All of that activity goes a long way in educating the existing team, but of course as new people join, whether they are already familiar with the content style guide or not, there will need to be some education there too. The next challenge they are trying to tackle is how to incorporate the content style guide into their onboarding process for new hires, especially those who aren’t joining one of the content teams.
Bringing content and design together
This is a really important point because Erin confirmed that an area of focus for them is how to marry their design systems guidance with their content guidance. Historically, they’ve lived separately, for the most part. As can be expected, some people refer to the content style guide often and others may not be aware it exists. Some of the methods for dissemination require a lot of effort though so the team also want to look at how to make their training more scalable and not constantly doing a roadshow across the organisation. A key part of achieving that, Erin added, was having one source of truth with supplemental guidance that is specific to writers.
Establishing a style guide round table
Keeping anything up to date takes time and effort and it is easier not to do something than it is to do something. Rather than being reactive and updating a content style guide when something happens to make you realise it is out-dated, it is better to be proactive and create a process for ensuring it is maintained.
Erin is working towards achieving this by establishing a content style guide round table. There are representatives from each discipline that is content heavy, around 10 people in total from marketing, technical, design, support, social media and corporate communications.
The round table meet once a month and have an agenda of things that they potentially need to revisit and update within the content style guide. This also includes things that might be missing entirely from the guide, this is especially true as the core product has evolved in recent years and there are now brand new product areas and related vocabularies to consider. No meeting guarantees action, so actionable items are agreed and assigned during the round table meeting. The dual purpose of the round table, is to keep the content style guide updated but it is also a means to establish joint ownership and get perspectives from all the different teams. It creates organisational alignment, via content practitioners, which is needed in a relatively decentralised model.
Where many look to Mailchimp for inspiration, Erin gave a shout-out to Dropbox who first told her about the round table meeting that they have too.
A product with a recognisable and consistent voice
There have been two main benefits to having a content style guide:
- A tool for scale
- A tool for alignment
One of the things that has really helped to set Mailchimp apart over the years is how they’ve been able to infuse a recognisable brand voice into different areas of the product. They have writers and different types of content disciplines who are well aligned and they are able to scale content across those departments with confidence in their expertise.
Thinking ahead to how the content style guide can continue to benefit the organisation, there are plans to bring it together in some way with their design system. Erin states, ‘if design doesn’t have content it is just empty boxes.’ and so the focus is on creating an all encompassing and cross-discipline resource that puts content front and centre.
Mailchimp are also thinking about the way they can incorporate non-text based style rules. An example of this is their image library and how that’s governed, and as the brand develops, they will be giving consideration to content like GIFs and the guidance that needs to be developed around those. More recently, the support department has been working on piloting a chatbot and they used the guidance in the content style guide as a reference to ‘train’ the bot on the Mailchimp voice.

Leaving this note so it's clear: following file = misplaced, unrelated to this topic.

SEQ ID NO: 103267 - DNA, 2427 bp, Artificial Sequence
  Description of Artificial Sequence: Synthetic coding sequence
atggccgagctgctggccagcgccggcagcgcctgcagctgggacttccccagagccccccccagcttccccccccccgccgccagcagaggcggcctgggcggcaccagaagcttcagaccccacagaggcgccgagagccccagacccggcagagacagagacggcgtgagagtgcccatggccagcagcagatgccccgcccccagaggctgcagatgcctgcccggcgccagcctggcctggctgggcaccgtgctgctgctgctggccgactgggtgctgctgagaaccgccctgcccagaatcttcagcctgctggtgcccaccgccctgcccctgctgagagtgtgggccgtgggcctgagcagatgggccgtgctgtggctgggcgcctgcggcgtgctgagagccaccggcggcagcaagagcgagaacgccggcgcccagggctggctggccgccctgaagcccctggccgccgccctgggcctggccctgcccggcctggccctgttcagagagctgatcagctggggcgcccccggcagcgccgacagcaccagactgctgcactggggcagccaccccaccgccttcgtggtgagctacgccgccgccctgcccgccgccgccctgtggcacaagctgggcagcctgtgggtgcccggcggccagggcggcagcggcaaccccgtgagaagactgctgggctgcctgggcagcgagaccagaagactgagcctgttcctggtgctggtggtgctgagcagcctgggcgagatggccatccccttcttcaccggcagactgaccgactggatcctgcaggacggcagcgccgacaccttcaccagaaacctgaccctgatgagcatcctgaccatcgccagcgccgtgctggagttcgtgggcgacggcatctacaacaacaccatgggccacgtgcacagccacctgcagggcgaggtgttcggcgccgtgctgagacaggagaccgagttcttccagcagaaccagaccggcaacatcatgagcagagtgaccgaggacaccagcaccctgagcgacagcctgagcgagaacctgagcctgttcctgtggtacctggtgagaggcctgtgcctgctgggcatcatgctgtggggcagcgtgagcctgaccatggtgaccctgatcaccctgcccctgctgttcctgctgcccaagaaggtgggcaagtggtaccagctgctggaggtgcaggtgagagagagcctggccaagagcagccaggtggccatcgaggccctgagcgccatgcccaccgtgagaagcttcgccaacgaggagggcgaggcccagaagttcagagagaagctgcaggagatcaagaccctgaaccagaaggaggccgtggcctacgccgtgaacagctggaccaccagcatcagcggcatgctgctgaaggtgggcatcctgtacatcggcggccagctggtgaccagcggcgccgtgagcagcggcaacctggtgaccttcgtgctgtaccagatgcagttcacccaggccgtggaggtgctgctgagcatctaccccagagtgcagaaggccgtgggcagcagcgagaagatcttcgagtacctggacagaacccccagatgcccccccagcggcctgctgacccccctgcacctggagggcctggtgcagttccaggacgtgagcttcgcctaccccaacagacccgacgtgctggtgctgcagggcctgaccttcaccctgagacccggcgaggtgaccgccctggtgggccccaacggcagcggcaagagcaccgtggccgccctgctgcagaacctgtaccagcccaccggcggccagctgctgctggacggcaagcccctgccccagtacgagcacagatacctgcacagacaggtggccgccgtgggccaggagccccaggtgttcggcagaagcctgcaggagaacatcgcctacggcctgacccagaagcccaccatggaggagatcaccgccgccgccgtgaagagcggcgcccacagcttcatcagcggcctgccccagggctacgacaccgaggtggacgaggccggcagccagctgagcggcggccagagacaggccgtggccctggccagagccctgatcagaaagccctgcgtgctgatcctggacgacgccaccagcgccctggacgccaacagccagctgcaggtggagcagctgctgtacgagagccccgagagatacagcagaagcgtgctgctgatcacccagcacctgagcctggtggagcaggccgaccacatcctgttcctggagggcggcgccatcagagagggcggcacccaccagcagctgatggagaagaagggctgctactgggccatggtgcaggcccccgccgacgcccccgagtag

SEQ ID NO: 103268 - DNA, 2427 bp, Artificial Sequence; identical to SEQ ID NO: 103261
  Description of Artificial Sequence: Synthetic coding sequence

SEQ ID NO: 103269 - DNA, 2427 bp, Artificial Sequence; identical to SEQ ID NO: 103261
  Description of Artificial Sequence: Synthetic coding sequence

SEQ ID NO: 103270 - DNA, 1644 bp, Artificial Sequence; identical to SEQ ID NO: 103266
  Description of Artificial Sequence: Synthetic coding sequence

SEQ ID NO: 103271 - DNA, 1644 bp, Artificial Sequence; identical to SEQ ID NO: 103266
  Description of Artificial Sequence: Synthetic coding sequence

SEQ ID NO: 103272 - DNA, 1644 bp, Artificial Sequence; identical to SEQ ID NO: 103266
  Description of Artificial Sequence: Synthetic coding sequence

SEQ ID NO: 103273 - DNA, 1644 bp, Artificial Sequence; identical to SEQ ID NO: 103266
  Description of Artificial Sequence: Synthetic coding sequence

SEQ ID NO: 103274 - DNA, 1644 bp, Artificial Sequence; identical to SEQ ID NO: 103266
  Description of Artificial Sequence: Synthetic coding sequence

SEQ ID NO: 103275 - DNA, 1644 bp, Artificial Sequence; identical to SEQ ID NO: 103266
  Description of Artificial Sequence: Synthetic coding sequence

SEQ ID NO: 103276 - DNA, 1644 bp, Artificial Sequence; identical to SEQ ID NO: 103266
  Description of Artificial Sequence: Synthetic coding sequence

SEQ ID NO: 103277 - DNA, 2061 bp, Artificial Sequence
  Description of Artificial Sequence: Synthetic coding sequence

Top tips for creating a content style guide.
As someone who is responsible for such a well-known content style guide, I asked Erin what advice she would give others who may be looking to create their own or make changes to an existing style guide:
- If you don’t have a content style guide yet, don’t reinvent the wheel. At Mailchimp we started by referring to the Yahoo Style Guide. So if you’re setting off on creating one, find another from an organisation, or refer to those from the APA or Chicago as a starting point.
- Defining and understanding your audience is key too, both internal and external. Look what makes those audiences unique, and understand who internally will be using the style guide. Ask questions like what is their technical skill level, are they a writer, how many people are there, what is our publishing process, how will this content style guide fit into all of that. You could also consider the people being written for in terms of their reading level and what devices they use to access your content.
- Have some specific reasons why you are creating the content style guide in the first place, beyond ticking a to-do item off a list or appeasing a stakeholder. What problems are you solving by having this guide?
- A useful way to start out is to think about scenarios you want to avoid and identify writing practices that aren’t working. At Mailchimp we have a blacklist of words we don’t use. It can be easier to focus on the ideal and the positive guidance you want to give, but try noting what you know is wrong.
- For keeping it updated, stress test your principles and some of the rules early on. Test with writers and designers, because the words and the visuals are dependent on each other to be completely effective.
- Bring people along for the process, especially if you want them to use the content style guide later. They will have an important perspective to share.
When you do take these tips to create or refine your own content style guide, or if you need to build a business case for having one, show stakeholders the Mailchimp version as a good example too. There’s a reason why it is referenced and cited as a good example and so it makes sense to be inspired from one of the experts in this area.